On April 6 the Portland Community Chamber of Commerce hosted “Eggs & Issues: Preserving Portland’s Identity: The Future of Portland Housing” at the Holiday Inn By The Bay. More than 480 people attended the discussion and networking breakfast.
Brit Vitalius, of the Vitalius Real Estate Group, moderated the discussion which touched on Portland’s rising rents, lack of new developments and need for more high-paying jobs to help stabilize what has been dubbed the housing crunch.
“The state of the housing market in Portland has become one of the hottest issues of the past few years,” Vitalius said. “The shortage of units has pushed up rents and increased concerns about the affordability of housing. For single-family homes and condos there is a market lack of supply. And buyers are often competing in multiple-offer situations, driving prices up.”
Vitalius added that that housing shortage has led to the creation of a committee and task force in Portland and South Portland, respectively, set up to address the shortage.
But the bigger issue is holding onto Portland’s identity while adding more housing stock, Vitalius said.
“On one hand we have a supply and demand imbalance which creates affordability issues. This will only be cured by the creation of more housing units,” he said. “On the other hand, we like Portland the way it is. Being Mainers, we resist change and fear we will lose what we love about the place.”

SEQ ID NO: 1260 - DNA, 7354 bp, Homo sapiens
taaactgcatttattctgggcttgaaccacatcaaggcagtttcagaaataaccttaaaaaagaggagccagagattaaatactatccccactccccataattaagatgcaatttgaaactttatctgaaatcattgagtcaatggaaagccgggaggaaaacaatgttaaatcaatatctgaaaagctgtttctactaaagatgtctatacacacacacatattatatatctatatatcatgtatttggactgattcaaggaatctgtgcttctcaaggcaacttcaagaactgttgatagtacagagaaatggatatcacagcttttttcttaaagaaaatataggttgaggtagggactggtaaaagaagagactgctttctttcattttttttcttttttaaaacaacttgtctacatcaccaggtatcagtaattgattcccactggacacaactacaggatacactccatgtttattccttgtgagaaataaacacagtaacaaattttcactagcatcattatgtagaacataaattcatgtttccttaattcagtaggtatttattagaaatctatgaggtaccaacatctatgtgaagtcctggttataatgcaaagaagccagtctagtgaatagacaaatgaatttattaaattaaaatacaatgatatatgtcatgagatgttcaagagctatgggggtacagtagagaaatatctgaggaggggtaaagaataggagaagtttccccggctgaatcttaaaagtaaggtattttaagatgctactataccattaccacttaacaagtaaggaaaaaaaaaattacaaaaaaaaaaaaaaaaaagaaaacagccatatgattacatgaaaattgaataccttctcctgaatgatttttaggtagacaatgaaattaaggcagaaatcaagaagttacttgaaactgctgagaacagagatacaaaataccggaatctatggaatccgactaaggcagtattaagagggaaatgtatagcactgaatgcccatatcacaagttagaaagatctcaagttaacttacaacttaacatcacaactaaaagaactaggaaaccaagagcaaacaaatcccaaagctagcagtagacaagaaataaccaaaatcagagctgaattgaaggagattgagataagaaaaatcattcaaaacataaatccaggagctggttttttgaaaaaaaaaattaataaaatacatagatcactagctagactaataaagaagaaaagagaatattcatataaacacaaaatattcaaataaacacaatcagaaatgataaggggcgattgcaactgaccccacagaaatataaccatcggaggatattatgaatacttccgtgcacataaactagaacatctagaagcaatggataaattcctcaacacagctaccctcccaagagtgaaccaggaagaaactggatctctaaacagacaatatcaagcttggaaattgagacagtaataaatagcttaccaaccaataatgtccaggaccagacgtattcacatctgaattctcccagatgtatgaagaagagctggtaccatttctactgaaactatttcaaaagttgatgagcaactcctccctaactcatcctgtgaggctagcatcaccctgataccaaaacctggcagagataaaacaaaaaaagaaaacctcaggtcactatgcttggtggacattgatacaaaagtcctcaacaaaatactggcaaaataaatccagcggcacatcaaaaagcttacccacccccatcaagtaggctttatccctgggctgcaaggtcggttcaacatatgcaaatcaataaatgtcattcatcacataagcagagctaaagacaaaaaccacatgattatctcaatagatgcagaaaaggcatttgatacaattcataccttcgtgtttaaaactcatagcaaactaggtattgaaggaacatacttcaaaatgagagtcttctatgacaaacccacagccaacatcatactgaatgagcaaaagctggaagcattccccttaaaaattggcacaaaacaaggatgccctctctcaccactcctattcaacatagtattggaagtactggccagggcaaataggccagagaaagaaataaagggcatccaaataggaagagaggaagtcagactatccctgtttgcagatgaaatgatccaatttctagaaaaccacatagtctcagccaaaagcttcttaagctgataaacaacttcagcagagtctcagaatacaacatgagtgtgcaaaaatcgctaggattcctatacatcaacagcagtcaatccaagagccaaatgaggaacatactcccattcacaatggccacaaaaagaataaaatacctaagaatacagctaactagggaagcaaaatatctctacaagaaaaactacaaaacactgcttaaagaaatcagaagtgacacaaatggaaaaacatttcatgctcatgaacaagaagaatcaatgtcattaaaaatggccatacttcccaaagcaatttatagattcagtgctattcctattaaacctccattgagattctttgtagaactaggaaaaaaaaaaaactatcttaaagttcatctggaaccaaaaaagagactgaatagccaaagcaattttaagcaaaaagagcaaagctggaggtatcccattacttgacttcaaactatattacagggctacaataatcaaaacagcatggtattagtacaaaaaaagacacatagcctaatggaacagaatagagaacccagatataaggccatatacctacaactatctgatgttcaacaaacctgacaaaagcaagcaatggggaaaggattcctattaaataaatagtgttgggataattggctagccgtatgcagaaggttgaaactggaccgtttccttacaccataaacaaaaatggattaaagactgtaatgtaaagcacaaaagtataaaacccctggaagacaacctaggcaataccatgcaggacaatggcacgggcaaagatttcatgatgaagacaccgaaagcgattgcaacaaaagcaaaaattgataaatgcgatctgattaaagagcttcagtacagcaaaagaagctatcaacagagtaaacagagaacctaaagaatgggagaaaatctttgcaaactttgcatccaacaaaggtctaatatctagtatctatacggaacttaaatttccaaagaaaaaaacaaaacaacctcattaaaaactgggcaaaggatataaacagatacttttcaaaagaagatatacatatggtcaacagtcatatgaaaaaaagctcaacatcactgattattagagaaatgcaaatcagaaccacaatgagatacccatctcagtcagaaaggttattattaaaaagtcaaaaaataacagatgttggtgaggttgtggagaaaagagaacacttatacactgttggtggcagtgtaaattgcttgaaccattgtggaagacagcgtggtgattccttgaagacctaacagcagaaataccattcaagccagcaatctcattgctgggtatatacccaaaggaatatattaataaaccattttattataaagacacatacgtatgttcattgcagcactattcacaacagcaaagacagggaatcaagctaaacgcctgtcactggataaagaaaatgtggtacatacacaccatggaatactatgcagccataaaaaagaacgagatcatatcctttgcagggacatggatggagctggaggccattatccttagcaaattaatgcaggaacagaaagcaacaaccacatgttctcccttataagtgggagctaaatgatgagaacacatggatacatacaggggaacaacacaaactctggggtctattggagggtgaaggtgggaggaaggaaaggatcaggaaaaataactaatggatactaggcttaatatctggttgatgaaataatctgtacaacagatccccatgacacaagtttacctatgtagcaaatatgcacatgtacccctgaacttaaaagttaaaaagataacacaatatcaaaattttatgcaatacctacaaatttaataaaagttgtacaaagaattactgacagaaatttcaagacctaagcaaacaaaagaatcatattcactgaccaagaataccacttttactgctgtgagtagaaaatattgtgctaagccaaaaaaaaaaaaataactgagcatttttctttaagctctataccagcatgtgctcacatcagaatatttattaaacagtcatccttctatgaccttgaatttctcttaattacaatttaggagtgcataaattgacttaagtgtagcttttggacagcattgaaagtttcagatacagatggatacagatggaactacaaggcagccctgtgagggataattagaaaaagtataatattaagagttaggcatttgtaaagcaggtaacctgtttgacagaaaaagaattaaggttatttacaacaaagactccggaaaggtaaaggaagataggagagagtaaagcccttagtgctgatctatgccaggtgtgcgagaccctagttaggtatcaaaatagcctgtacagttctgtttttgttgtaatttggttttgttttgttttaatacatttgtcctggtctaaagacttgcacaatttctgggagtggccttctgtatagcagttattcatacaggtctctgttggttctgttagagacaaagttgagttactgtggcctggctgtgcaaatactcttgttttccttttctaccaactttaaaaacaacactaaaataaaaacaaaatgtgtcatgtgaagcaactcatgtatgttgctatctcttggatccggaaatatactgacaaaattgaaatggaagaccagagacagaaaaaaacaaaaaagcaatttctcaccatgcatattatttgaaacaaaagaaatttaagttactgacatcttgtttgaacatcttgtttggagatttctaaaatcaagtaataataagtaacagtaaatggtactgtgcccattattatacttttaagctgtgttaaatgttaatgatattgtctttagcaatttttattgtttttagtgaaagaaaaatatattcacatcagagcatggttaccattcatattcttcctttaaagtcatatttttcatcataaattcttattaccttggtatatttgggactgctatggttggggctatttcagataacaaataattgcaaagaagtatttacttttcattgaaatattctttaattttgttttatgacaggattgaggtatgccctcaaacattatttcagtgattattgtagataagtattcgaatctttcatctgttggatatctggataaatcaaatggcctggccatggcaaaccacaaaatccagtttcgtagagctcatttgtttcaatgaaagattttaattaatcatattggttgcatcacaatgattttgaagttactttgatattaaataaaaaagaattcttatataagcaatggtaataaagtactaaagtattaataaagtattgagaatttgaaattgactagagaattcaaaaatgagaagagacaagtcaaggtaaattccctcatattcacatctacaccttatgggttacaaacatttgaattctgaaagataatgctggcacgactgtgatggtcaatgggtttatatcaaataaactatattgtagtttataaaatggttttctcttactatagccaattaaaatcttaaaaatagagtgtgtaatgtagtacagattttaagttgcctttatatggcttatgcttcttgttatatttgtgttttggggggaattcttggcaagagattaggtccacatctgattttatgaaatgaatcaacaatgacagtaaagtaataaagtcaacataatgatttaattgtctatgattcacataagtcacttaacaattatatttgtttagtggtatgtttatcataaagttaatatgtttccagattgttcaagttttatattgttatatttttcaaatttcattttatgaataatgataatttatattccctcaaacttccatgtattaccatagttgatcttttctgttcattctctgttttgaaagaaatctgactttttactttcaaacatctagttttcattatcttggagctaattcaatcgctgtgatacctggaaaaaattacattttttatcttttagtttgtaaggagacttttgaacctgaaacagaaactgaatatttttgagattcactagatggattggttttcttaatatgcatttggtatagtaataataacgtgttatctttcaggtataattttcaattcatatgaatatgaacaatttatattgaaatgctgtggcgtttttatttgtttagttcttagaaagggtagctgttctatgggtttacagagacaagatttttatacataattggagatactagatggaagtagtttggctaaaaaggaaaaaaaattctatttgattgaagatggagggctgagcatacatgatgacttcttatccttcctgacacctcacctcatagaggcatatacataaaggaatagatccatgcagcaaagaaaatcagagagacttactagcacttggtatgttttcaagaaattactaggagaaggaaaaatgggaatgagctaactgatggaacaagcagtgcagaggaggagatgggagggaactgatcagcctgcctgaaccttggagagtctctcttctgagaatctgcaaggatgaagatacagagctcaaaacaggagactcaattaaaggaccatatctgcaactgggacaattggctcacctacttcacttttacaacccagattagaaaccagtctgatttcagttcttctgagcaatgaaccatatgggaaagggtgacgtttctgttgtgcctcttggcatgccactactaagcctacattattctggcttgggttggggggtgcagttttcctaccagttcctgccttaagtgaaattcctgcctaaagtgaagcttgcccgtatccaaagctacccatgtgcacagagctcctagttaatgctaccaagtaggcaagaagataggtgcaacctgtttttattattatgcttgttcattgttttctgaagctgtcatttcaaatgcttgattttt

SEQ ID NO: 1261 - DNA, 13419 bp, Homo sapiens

Watson said there were three likely factors that formed a “Perfect storm” to create the housing crunch – immigration, the popularity of Portland and the general lack of supply of housing.
That crunch led to soaring rent price increases since 2011, Watson said. While most markets see increases of 3 to 4 percent annually, Portland averaged a 6 percent increased since 2010 and 9 percent in 2015.
“From 2011 to 2015 there was a market correction,” he said. “Our feeling is that the rents have been pushed enough, and that you just can’t sustain that level.”
Questions from the crowd focused largely on how to make or create affordable, market-rate housing for Portland’s workforce.
Culley said that while increasing supply would help, another factor impacting housing is the rate of pay.
“One of the (things causing the housing crunch) is the cost of housing, but we also have to look jobs,” he said. “We have to attract to Portland the type of jobs that will allow people to live where they want to live.”
To see the entirety of the discussion watch the video below.